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Buying paraffin wax - in the supermarket!

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  • Buying paraffin wax - in the supermarket!

    I've been buying my paraffin wax off 4candles, but I've recently worked out that it's actually cheaper to buy supermarket candles and melt them down!

    Saves on postage, plus the wax is actually cheaper in the first place.

    Anyone else do this?

  • #2
    Originally posted by JohnP View Post
    I've been buying my paraffin wax off 4candles, but I've recently worked out that it's actually cheaper to buy supermarket candles and melt them down!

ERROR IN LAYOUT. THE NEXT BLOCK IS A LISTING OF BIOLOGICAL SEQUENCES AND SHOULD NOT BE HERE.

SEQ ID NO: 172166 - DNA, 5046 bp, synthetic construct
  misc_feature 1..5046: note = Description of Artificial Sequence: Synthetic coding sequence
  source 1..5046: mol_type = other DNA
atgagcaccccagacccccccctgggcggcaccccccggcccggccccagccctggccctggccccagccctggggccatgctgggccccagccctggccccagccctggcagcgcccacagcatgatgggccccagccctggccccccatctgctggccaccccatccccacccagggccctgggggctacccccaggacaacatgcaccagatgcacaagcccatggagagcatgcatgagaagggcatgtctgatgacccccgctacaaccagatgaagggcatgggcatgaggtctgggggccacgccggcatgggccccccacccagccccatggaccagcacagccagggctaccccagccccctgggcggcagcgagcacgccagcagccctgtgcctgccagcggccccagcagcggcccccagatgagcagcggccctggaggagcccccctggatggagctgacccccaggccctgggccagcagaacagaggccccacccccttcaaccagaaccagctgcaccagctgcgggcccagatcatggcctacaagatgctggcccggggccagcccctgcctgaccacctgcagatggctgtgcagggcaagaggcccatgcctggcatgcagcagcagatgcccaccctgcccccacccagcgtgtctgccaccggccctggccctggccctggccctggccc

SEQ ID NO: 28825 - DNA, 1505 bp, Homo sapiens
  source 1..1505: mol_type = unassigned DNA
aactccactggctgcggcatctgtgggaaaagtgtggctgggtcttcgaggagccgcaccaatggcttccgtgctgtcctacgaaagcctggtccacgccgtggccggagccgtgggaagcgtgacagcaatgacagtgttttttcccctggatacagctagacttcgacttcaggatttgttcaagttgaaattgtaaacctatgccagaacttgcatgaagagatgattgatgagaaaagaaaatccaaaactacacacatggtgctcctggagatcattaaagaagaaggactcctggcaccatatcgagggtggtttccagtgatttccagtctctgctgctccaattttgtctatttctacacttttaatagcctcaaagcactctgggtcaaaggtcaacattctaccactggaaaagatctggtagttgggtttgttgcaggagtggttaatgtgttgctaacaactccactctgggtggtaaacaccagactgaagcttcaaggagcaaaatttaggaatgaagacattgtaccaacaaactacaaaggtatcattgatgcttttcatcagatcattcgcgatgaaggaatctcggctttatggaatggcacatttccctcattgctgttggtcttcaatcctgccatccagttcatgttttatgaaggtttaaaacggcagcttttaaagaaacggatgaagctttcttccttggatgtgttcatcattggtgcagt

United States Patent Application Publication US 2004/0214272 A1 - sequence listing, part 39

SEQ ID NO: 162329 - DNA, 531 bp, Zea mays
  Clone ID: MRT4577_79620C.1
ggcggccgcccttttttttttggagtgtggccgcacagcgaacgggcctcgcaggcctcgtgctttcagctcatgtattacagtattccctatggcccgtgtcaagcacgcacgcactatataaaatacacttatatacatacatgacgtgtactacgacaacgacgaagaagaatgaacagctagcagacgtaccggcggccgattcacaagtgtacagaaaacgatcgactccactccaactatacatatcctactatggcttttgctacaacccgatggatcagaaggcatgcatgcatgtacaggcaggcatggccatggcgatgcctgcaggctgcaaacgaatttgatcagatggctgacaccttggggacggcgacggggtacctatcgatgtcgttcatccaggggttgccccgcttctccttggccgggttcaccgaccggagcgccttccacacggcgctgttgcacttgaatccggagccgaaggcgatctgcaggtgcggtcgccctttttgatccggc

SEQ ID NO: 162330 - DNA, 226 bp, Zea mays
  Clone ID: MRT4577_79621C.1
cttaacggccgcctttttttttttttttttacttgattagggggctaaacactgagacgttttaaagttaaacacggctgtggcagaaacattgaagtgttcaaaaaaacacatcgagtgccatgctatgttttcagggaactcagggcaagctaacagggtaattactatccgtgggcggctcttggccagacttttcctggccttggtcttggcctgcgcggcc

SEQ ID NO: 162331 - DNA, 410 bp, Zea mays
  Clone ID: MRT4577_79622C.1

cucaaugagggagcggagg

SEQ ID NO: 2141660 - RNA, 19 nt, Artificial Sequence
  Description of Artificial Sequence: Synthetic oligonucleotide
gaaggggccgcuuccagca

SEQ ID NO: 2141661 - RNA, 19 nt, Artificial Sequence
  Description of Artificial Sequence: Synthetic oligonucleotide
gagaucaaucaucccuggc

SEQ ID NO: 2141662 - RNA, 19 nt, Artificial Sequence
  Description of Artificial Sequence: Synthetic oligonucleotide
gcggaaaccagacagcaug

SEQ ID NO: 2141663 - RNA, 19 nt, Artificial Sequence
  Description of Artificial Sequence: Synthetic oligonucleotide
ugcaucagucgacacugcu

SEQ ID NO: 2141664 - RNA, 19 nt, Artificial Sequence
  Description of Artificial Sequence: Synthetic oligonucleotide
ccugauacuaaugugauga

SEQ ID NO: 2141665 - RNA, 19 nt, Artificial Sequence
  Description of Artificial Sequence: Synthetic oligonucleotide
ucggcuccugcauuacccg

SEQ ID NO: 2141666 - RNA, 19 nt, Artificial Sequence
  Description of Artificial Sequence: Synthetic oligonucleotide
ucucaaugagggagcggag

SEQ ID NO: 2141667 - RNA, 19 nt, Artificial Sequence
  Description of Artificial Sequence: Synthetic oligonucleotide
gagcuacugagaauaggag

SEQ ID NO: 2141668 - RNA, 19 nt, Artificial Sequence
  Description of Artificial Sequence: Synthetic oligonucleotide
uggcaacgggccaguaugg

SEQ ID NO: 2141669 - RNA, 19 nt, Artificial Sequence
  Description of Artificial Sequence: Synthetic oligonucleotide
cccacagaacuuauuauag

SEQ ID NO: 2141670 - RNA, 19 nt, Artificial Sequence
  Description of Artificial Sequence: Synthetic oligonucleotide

Saves on postage, plus the wax is actually cheaper in the first place.

    Anyone else do this?
    Can you do the same with IKEA candles?? - many of theirs are ridiculously cheap

    Comment


    • #3
      If you are only using the wax the make candles for yourself there isn't a problem. If you are buying the wax to melt and sell them on then I wouldn't advise it. You can't guarantee what is in the wax or what quality the wax is so you wouldn't be able to guarantee a safe burning candle for sale and with these days of litigation you could end in a sticky situation.

      HTH.

      Lisa

      Bowed Over
      Handmade Dog Collar Accessories
      www.bowedover.co.uk

      Comment


      • #4